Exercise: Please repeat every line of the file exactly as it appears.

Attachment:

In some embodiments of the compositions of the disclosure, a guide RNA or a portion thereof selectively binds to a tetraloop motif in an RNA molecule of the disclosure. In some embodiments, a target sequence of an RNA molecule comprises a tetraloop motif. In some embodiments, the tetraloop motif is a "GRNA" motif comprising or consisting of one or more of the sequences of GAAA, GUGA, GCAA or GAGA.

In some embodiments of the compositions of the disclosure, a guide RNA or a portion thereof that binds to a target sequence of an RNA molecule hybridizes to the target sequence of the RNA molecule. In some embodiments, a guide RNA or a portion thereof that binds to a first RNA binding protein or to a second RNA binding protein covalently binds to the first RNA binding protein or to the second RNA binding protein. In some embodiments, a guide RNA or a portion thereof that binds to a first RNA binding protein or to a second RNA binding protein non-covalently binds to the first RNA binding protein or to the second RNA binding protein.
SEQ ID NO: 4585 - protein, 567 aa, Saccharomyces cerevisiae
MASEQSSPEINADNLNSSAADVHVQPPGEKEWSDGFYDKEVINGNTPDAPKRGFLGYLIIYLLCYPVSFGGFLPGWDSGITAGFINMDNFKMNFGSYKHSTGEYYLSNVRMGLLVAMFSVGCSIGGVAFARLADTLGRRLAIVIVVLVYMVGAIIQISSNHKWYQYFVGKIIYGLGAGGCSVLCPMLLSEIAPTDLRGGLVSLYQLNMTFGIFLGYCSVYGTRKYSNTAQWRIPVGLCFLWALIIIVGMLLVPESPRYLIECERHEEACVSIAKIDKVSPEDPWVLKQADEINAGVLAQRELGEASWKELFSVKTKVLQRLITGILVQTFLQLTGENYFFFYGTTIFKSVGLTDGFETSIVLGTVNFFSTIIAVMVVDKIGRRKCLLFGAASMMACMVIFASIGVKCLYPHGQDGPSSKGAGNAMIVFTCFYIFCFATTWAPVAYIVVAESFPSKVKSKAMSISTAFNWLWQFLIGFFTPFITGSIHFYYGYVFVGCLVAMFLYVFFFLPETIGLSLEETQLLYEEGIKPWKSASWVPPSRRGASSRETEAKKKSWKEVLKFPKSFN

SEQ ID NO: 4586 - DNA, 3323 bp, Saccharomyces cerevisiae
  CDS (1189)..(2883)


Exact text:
In some embodiments of the compositions of the disclosure, a guide RNA or a portion thereof selectively binds to a tetraloop motif in an RNA molecule of the disclosure. In some embodiments, a target sequence of an RNA molecule comprises a tetraloop motif. In some embodiments, the tetraloop motif is a "GRNA" motif comprising or consisting of one or more of the sequences of GAAA, GUGA, GCAA or GAGA.

In some embodiments of the compositions of the disclosure, a guide RNA or a portion thereof that binds to a target sequence of an RNA molecule hybridizes to the target sequence of the RNA molecule. In some embodiments, a guide RNA or a portion thereof that binds to a first RNA binding protein or to a second RNA binding protein covalently binds to the first RNA binding protein or to the second RNA binding protein. In some embodiments, a guide RNA or a portion thereof that binds to a first RNA binding protein or to a second RNA binding protein non-covalently binds to the first RNA binding protein or to the second RNA binding protein.
SEQ ID NO: 4585 - protein, 567 aa, Saccharomyces cerevisiae
MASEQSSPEINADNLNSSAADVHVQPPGEKEWSDGFYDKEVINGNTPDAPKRGFLGYLIIYLLCYPVSFGGFLPGWDSGITAGFINMDNFKMNFGSYKHSTGEYYLSNVRMGLLVAMFSVGCSIGGVAFARLADTLGRRLAIVIVVLVYMVGAIIQISSNHKWYQYFVGKIIYGLGAGGCSVLCPMLLSEIAPTDLRGGLVSLYQLNMTFGIFLGYCSVYGTRKYSNTAQWRIPVGLCFLWALIIIVGMLLVPESPRYLIECERHEEACVSIAKIDKVSPEDPWVLKQADEINAGVLAQRELGEASWKELFSVKTKVLQRLITGILVQTFLQLTGENYFFFYGTTIFKSVGLTDGFETSIVLGTVNFFSTIIAVMVVDKIGRRKCLLFGAASMMACMVIFASIGVKCLYPHGQDGPSSKGAGNAMIVFTCFYIFCFATTWAPVAYIVVAESFPSKVKSKAMSISTAFNWLWQFLIGFFTPFITGSIHFYYGYVFVGCLVAMFLYVFFFLPETIGLSLEETQLLYEEGIKPWKSASWVPPSRRGASSRETEAKKKSWKEVLKFPKSFN

SEQ ID NO: 4586 - DNA, 3323 bp, Saccharomyces cerevisiae
  CDS (1189)..(2883)